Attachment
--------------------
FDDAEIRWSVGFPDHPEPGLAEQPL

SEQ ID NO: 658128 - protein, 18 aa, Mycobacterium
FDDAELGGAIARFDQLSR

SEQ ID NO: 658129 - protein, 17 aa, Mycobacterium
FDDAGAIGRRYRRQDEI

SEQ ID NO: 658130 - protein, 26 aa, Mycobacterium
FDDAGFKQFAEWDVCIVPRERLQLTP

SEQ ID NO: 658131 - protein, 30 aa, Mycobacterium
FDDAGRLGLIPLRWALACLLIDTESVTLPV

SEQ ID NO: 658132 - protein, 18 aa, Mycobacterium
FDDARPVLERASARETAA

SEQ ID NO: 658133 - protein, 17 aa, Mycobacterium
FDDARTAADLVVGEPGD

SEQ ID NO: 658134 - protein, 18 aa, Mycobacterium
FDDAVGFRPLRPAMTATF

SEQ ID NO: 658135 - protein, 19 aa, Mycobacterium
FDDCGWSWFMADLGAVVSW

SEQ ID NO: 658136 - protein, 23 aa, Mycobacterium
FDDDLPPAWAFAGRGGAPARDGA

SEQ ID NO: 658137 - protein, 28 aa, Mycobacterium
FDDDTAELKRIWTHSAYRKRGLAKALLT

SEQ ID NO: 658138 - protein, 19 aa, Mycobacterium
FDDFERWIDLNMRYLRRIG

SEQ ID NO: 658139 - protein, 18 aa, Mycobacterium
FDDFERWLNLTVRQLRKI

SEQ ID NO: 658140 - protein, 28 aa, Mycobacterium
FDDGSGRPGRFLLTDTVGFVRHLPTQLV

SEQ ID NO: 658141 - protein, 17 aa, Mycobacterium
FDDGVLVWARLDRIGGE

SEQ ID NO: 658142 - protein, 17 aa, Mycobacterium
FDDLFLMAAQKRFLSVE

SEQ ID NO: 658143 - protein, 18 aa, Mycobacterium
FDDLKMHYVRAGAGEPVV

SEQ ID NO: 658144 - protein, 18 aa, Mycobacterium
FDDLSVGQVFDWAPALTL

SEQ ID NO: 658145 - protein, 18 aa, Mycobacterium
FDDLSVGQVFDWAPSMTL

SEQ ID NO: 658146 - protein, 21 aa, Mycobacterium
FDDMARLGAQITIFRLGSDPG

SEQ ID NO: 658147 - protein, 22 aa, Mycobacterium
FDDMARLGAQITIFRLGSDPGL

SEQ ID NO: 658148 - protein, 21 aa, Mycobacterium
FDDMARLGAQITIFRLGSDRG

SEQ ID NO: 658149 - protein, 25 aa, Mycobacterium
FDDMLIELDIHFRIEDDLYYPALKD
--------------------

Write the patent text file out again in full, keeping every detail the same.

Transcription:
FDDAEIRWSVGFPDHPEPGLAEQPL

SEQ ID NO: 658128 - protein, 18 aa, Mycobacterium
FDDAELGGAIARFDQLSR

SEQ ID NO: 658129 - protein, 17 aa, Mycobacterium
FDDAGAIGRRYRRQDEI

SEQ ID NO: 658130 - protein, 26 aa, Mycobacterium
FDDAGFKQFAEWDVCIVPRERLQLTP

SEQ ID NO: 658131 - protein, 30 aa, Mycobacterium
FDDAGRLGLIPLRWALACLLIDTESVTLPV

SEQ ID NO: 658132 - protein, 18 aa, Mycobacterium
FDDARPVLERASARETAA

SEQ ID NO: 658133 - protein, 17 aa, Mycobacterium
FDDARTAADLVVGEPGD

SEQ ID NO: 658134 - protein, 18 aa, Mycobacterium
FDDAVGFRPLRPAMTATF

SEQ ID NO: 658135 - protein, 19 aa, Mycobacterium
FDDCGWSWFMADLGAVVSW

SEQ ID NO: 658136 - protein, 23 aa, Mycobacterium
FDDDLPPAWAFAGRGGAPARDGA

SEQ ID NO: 658137 - protein, 28 aa, Mycobacterium
FDDDTAELKRIWTHSAYRKRGLAKALLT

SEQ ID NO: 658138 - protein, 19 aa, Mycobacterium
FDDFERWIDLNMRYLRRIG

SEQ ID NO: 658139 - protein, 18 aa, Mycobacterium
FDDFERWLNLTVRQLRKI

SEQ ID NO: 658140 - protein, 28 aa, Mycobacterium
FDDGSGRPGRFLLTDTVGFVRHLPTQLV

SEQ ID NO: 658141 - protein, 17 aa, Mycobacterium
FDDGVLVWARLDRIGGE

SEQ ID NO: 658142 - protein, 17 aa, Mycobacterium
FDDLFLMAAQKRFLSVE

SEQ ID NO: 658143 - protein, 18 aa, Mycobacterium
FDDLKMHYVRAGAGEPVV

SEQ ID NO: 658144 - protein, 18 aa, Mycobacterium
FDDLSVGQVFDWAPALTL

SEQ ID NO: 658145 - protein, 18 aa, Mycobacterium
FDDLSVGQVFDWAPSMTL

SEQ ID NO: 658146 - protein, 21 aa, Mycobacterium
FDDMARLGAQITIFRLGSDPG

SEQ ID NO: 658147 - protein, 22 aa, Mycobacterium
FDDMARLGAQITIFRLGSDPGL

SEQ ID NO: 658148 - protein, 21 aa, Mycobacterium
FDDMARLGAQITIFRLGSDRG

SEQ ID NO: 658149 - protein, 25 aa, Mycobacterium
FDDMLIELDIHFRIEDDLYYPALKD